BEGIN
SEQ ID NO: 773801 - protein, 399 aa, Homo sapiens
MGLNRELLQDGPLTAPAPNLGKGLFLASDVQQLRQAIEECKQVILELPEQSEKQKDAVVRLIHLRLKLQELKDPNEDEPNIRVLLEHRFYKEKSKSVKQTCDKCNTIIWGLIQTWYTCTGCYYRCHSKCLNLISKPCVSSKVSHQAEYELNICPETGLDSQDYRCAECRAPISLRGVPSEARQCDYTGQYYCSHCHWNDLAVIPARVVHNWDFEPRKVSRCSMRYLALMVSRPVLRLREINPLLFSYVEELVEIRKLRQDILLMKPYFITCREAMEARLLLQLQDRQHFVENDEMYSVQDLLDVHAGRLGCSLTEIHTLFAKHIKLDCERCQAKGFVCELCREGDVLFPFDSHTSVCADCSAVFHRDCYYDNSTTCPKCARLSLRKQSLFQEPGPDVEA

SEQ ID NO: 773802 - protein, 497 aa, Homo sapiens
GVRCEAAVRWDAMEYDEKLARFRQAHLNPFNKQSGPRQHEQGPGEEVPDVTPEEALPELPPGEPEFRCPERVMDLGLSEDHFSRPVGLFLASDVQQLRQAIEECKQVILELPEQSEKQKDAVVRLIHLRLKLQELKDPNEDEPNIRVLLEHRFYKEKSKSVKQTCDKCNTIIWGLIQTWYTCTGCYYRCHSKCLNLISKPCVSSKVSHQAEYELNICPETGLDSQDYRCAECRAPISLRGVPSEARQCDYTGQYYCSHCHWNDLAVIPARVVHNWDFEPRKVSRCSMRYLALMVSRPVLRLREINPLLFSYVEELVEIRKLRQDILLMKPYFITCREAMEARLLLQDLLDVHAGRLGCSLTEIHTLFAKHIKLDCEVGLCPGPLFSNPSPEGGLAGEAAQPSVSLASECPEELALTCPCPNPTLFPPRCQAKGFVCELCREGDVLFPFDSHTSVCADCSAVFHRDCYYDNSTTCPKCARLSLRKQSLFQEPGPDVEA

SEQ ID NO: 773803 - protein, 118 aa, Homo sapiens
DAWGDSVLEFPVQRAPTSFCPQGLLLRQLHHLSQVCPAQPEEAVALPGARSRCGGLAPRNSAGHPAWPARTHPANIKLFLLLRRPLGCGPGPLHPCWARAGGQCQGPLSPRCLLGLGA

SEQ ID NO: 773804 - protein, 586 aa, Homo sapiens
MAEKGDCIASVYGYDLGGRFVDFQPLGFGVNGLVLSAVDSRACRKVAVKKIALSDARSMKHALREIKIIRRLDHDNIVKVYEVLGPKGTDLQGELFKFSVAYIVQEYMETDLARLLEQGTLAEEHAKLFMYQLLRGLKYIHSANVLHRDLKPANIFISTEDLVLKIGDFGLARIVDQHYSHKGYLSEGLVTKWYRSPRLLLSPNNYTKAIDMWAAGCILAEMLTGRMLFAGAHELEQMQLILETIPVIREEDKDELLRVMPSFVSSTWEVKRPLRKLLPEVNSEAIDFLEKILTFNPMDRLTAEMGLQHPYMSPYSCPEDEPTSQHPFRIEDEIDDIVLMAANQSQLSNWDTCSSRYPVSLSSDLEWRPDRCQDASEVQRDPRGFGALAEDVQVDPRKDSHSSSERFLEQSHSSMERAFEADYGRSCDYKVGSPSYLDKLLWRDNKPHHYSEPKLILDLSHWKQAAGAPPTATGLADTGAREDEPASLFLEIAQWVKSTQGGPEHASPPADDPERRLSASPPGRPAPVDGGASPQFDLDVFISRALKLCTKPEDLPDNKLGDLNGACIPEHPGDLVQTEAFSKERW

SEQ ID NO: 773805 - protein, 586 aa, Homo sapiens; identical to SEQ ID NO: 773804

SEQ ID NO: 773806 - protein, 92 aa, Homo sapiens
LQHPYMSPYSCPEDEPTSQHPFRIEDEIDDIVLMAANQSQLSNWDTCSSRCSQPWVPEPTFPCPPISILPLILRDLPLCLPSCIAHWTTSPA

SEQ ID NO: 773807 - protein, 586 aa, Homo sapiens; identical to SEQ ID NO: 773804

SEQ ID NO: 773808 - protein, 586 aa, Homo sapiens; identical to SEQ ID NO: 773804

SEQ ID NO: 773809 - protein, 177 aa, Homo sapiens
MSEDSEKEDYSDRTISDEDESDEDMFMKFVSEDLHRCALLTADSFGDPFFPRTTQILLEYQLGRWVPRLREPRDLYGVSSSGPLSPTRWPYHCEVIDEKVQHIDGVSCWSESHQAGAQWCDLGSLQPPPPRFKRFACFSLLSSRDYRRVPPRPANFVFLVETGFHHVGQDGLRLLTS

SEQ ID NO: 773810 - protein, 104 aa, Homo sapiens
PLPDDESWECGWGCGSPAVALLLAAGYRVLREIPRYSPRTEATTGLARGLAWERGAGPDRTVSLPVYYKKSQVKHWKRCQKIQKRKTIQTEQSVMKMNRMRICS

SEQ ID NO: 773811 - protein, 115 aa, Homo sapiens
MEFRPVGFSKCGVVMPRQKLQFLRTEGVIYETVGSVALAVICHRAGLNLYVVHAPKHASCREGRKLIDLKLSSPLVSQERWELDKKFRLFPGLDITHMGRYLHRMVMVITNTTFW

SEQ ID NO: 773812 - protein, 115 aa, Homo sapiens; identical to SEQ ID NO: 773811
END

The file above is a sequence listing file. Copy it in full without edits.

SEQ ID NO: 773801 - protein, 399 aa, Homo sapiens
MGLNRELLQDGPLTAPAPNLGKGLFLASDVQQLRQAIEECKQVILELPEQSEKQKDAVVRLIHLRLKLQELKDPNEDEPNIRVLLEHRFYKEKSKSVKQTCDKCNTIIWGLIQTWYTCTGCYYRCHSKCLNLISKPCVSSKVSHQAEYELNICPETGLDSQDYRCAECRAPISLRGVPSEARQCDYTGQYYCSHCHWNDLAVIPARVVHNWDFEPRKVSRCSMRYLALMVSRPVLRLREINPLLFSYVEELVEIRKLRQDILLMKPYFITCREAMEARLLLQLQDRQHFVENDEMYSVQDLLDVHAGRLGCSLTEIHTLFAKHIKLDCERCQAKGFVCELCREGDVLFPFDSHTSVCADCSAVFHRDCYYDNSTTCPKCARLSLRKQSLFQEPGPDVEA

SEQ ID NO: 773802 - protein, 497 aa, Homo sapiens
GVRCEAAVRWDAMEYDEKLARFRQAHLNPFNKQSGPRQHEQGPGEEVPDVTPEEALPELPPGEPEFRCPERVMDLGLSEDHFSRPVGLFLASDVQQLRQAIEECKQVILELPEQSEKQKDAVVRLIHLRLKLQELKDPNEDEPNIRVLLEHRFYKEKSKSVKQTCDKCNTIIWGLIQTWYTCTGCYYRCHSKCLNLISKPCVSSKVSHQAEYELNICPETGLDSQDYRCAECRAPISLRGVPSEARQCDYTGQYYCSHCHWNDLAVIPARVVHNWDFEPRKVSRCSMRYLALMVSRPVLRLREINPLLFSYVEELVEIRKLRQDILLMKPYFITCREAMEARLLLQDLLDVHAGRLGCSLTEIHTLFAKHIKLDCEVGLCPGPLFSNPSPEGGLAGEAAQPSVSLASECPEELALTCPCPNPTLFPPRCQAKGFVCELCREGDVLFPFDSHTSVCADCSAVFHRDCYYDNSTTCPKCARLSLRKQSLFQEPGPDVEA

SEQ ID NO: 773803 - protein, 118 aa, Homo sapiens
DAWGDSVLEFPVQRAPTSFCPQGLLLRQLHHLSQVCPAQPEEAVALPGARSRCGGLAPRNSAGHPAWPARTHPANIKLFLLLRRPLGCGPGPLHPCWARAGGQCQGPLSPRCLLGLGA

SEQ ID NO: 773804 - protein, 586 aa, Homo sapiens
MAEKGDCIASVYGYDLGGRFVDFQPLGFGVNGLVLSAVDSRACRKVAVKKIALSDARSMKHALREIKIIRRLDHDNIVKVYEVLGPKGTDLQGELFKFSVAYIVQEYMETDLARLLEQGTLAEEHAKLFMYQLLRGLKYIHSANVLHRDLKPANIFISTEDLVLKIGDFGLARIVDQHYSHKGYLSEGLVTKWYRSPRLLLSPNNYTKAIDMWAAGCILAEMLTGRMLFAGAHELEQMQLILETIPVIREEDKDELLRVMPSFVSSTWEVKRPLRKLLPEVNSEAIDFLEKILTFNPMDRLTAEMGLQHPYMSPYSCPEDEPTSQHPFRIEDEIDDIVLMAANQSQLSNWDTCSSRYPVSLSSDLEWRPDRCQDASEVQRDPRGFGALAEDVQVDPRKDSHSSSERFLEQSHSSMERAFEADYGRSCDYKVGSPSYLDKLLWRDNKPHHYSEPKLILDLSHWKQAAGAPPTATGLADTGAREDEPASLFLEIAQWVKSTQGGPEHASPPADDPERRLSASPPGRPAPVDGGASPQFDLDVFISRALKLCTKPEDLPDNKLGDLNGACIPEHPGDLVQTEAFSKERW

SEQ ID NO: 773805 - protein, 586 aa, Homo sapiens; identical to SEQ ID NO: 773804

SEQ ID NO: 773806 - protein, 92 aa, Homo sapiens
LQHPYMSPYSCPEDEPTSQHPFRIEDEIDDIVLMAANQSQLSNWDTCSSRCSQPWVPEPTFPCPPISILPLILRDLPLCLPSCIAHWTTSPA

SEQ ID NO: 773807 - protein, 586 aa, Homo sapiens; identical to SEQ ID NO: 773804

SEQ ID NO: 773808 - protein, 586 aa, Homo sapiens; identical to SEQ ID NO: 773804

SEQ ID NO: 773809 - protein, 177 aa, Homo sapiens
MSEDSEKEDYSDRTISDEDESDEDMFMKFVSEDLHRCALLTADSFGDPFFPRTTQILLEYQLGRWVPRLREPRDLYGVSSSGPLSPTRWPYHCEVIDEKVQHIDGVSCWSESHQAGAQWCDLGSLQPPPPRFKRFACFSLLSSRDYRRVPPRPANFVFLVETGFHHVGQDGLRLLTS

SEQ ID NO: 773810 - protein, 104 aa, Homo sapiens
PLPDDESWECGWGCGSPAVALLLAAGYRVLREIPRYSPRTEATTGLARGLAWERGAGPDRTVSLPVYYKKSQVKHWKRCQKIQKRKTIQTEQSVMKMNRMRICS

SEQ ID NO: 773811 - protein, 115 aa, Homo sapiens
MEFRPVGFSKCGVVMPRQKLQFLRTEGVIYETVGSVALAVICHRAGLNLYVVHAPKHASCREGRKLIDLKLSSPLVSQERWELDKKFRLFPGLDITHMGRYLHRMVMVITNTTFW

SEQ ID NO: 773812 - protein, 115 aa, Homo sapiens; identical to SEQ ID NO: 773811